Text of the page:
Volume 46, Issue 5, September 2002
Index of content:
46(2002); http://dx.doi.org/10.1122/1.1501925View Description Hide Description
The rheological behavior of a monodisperse suspension of non-Brownian particles undergoing simple shear flow in the presence of a weak interparticle force is studied using accelerated Stokesian dynamics. The availability of a faster numerical algorithm permits the investigation of larger systems (typically of 512 particles), and accurate results for the suspensionviscosity, first and second normal stress differences, and the particle pressure are determined as a function of the volume fraction. The system microstructure, expressed through the pair-distribution function, is also studied and it is demonstrated how the resulting anisotropy in the pair-distribution function is correlated with the suspension non-Newtonian behavior. The ratio of the normal to excess shear stress is found to be an increasing function of the volume fraction, suggesting different volume fraction scalings for different elements of the stress tensor. The relative strength and range of the interparticle force is varied and its effect on the shear and normal stresses is analyzed. Volume fractions above the equilibrium freezing volume fraction are also studied and it is found that the system exhibits a strong tendency to order under flow for volume fractions below the hard-sphere glass transition; limited results for however, show that the system is again disordered under shear.
46(2002); http://dx.doi.org/10.1122/1.1501963View Description Hide Description
Ghosh et al. (2001) demonstrated that the Kramers chain captures the optical and rheological properties of dilute polymer solutions in rapidly varying elongational flows better than the finitely extensible nonlinear elastic dumbbell model. A new model, based on introducing an adaptive length scale (ALS) as an internal variable, is developed to reproduce the fine scale physics of the Kramers chain. The resulting ALS-model describes the polymer molecule as a set of identical segments in which each segment represents a fragment of the polymer that is short enough so that it can sample its entire configuration space on the time scale of an imposed deformation and, therefore, stretch reversibly. As the molecule unravels, the number of segments decreases, but the maximum length of each segment increases, so that the constant maximum contour length of the molecule is preserved. The ALS model gives very good predictions of stress growth in startup of uniaxial elongation and stress-birefringence hysteresis in a uniaxial elongational flow followed by relaxation. A closed form of the constitutive equation, the ALS-C model, is proposed. The rheological predictions of the ALS-C model resemble those of the ALS equation. This coupled with its small number of internal degrees of freedom suggests that this constitutive equation may be useful in modeling complex flows.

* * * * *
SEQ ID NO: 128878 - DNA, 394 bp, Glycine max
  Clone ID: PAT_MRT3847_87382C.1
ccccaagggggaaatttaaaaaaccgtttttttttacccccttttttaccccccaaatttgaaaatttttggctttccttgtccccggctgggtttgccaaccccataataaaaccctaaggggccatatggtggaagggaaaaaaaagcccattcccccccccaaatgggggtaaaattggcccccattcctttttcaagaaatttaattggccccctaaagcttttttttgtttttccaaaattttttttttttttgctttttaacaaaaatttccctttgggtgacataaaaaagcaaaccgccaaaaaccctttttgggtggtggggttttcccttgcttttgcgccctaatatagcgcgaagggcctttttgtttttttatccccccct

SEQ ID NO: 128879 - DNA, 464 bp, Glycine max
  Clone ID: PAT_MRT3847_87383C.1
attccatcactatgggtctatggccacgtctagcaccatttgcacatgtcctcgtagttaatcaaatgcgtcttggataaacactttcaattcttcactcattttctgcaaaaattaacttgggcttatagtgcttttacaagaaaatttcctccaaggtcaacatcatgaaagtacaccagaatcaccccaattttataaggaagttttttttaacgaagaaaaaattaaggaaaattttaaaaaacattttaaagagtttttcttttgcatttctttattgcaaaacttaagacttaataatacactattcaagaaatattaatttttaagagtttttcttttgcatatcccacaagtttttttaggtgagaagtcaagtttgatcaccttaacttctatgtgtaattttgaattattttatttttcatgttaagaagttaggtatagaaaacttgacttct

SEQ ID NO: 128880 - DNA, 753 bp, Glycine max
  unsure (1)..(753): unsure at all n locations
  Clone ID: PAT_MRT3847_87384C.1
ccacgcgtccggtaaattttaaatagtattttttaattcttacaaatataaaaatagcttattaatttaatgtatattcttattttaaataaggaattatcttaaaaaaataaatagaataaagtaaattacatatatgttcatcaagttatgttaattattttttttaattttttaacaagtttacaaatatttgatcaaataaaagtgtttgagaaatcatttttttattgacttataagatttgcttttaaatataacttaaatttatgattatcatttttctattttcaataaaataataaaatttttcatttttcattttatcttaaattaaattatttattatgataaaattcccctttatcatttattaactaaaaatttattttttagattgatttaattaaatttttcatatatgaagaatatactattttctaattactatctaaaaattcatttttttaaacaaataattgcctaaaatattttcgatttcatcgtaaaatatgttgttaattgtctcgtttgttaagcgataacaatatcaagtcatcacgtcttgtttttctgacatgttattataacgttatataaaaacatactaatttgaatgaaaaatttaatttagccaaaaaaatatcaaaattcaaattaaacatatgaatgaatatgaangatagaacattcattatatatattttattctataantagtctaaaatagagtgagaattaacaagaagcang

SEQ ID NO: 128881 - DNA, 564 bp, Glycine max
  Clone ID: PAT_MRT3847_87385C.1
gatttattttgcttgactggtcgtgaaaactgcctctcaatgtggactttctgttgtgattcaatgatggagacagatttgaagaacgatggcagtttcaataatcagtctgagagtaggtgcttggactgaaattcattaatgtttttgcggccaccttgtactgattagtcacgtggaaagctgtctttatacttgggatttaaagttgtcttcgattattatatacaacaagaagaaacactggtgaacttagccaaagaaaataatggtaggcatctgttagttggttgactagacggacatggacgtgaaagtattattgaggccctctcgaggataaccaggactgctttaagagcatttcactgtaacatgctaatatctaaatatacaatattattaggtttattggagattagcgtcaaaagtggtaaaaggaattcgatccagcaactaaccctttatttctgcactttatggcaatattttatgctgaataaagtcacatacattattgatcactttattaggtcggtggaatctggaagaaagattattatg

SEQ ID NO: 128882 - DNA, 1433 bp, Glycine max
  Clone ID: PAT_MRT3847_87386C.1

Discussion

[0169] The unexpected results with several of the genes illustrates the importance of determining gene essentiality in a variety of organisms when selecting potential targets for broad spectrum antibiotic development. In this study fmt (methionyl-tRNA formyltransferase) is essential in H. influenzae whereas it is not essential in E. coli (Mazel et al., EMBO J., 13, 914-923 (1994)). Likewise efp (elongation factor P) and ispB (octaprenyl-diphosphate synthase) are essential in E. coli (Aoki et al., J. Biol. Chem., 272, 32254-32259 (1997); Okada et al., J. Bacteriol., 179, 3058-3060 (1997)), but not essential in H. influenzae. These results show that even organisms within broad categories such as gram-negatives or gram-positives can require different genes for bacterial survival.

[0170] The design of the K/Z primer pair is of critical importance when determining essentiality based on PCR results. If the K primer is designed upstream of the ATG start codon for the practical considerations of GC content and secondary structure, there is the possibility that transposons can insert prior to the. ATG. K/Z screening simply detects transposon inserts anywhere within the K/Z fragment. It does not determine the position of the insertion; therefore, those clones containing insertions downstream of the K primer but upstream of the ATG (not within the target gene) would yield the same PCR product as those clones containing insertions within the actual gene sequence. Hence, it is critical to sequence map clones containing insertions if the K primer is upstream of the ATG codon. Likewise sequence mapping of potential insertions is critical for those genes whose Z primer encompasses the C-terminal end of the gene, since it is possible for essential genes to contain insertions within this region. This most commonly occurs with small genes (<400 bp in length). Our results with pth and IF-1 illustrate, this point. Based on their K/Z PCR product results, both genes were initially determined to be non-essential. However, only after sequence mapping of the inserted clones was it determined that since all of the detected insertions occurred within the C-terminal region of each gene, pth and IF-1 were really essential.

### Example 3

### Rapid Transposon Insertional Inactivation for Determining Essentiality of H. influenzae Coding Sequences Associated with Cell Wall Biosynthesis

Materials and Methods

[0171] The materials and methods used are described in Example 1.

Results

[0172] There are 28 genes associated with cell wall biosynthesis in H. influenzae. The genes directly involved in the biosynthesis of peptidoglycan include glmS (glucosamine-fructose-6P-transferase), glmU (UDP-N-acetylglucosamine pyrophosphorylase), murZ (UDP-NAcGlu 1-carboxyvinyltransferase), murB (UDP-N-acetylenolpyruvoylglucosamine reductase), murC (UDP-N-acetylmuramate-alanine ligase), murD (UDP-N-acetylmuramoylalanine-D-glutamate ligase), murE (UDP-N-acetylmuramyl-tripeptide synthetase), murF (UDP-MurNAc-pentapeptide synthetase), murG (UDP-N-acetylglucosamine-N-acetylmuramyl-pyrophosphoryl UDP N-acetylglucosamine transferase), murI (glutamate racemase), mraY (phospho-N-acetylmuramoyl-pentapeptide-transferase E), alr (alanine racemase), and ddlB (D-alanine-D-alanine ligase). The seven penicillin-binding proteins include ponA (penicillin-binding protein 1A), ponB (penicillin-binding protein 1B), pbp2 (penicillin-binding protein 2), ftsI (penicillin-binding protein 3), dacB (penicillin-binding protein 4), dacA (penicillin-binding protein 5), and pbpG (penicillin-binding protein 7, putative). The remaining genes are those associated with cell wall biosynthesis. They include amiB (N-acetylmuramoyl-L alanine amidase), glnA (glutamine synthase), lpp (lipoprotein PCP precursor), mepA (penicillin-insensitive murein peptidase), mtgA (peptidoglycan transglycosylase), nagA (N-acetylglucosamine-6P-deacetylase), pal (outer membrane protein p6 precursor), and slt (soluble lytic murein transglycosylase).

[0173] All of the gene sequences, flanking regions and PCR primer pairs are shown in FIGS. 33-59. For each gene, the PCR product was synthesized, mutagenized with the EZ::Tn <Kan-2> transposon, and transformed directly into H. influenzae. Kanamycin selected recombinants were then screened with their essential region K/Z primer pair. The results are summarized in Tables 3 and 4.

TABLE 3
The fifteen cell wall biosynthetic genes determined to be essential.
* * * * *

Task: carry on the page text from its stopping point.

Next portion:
In situ rheo-x-ray investigation of flow-induced orientation in layered silicate–syndiotactic polypropylene nanocomposite melt46(2002); http://dx.doi.org/10.1122/1.1498284View Description Hide Description
This article describes experimental results for both the rheology and flow-induced orientation of a series of intercalated syndiotactic polypropylene nanocomposites which were prepared by melt intercalation in the presence or absence of an i-PP/maleic anhydride copolymer. The nanocomposites showed typical rheological signatures of well-dispersed interacalated nanocomposites such as a low frequency plateau in dynamic moduli and an apparent yield transition from very high viscosity at low shear stresses to low viscosity above a yield stress.In situx-ray diffraction(XRD)measurements during shear provided direct evidence of rheology-microstructure links in these materials. It was found that the clay tactoids could be easily oriented by shear and that a high degree of orientation can be achieved after the yield transition. Further, the rheo-XRD apparatus allowed measurements of the relaxation of orientation upon the cessation of flow. The orientation relaxation time matched the characteristic relaxation times estimated from independent rheological measurements well.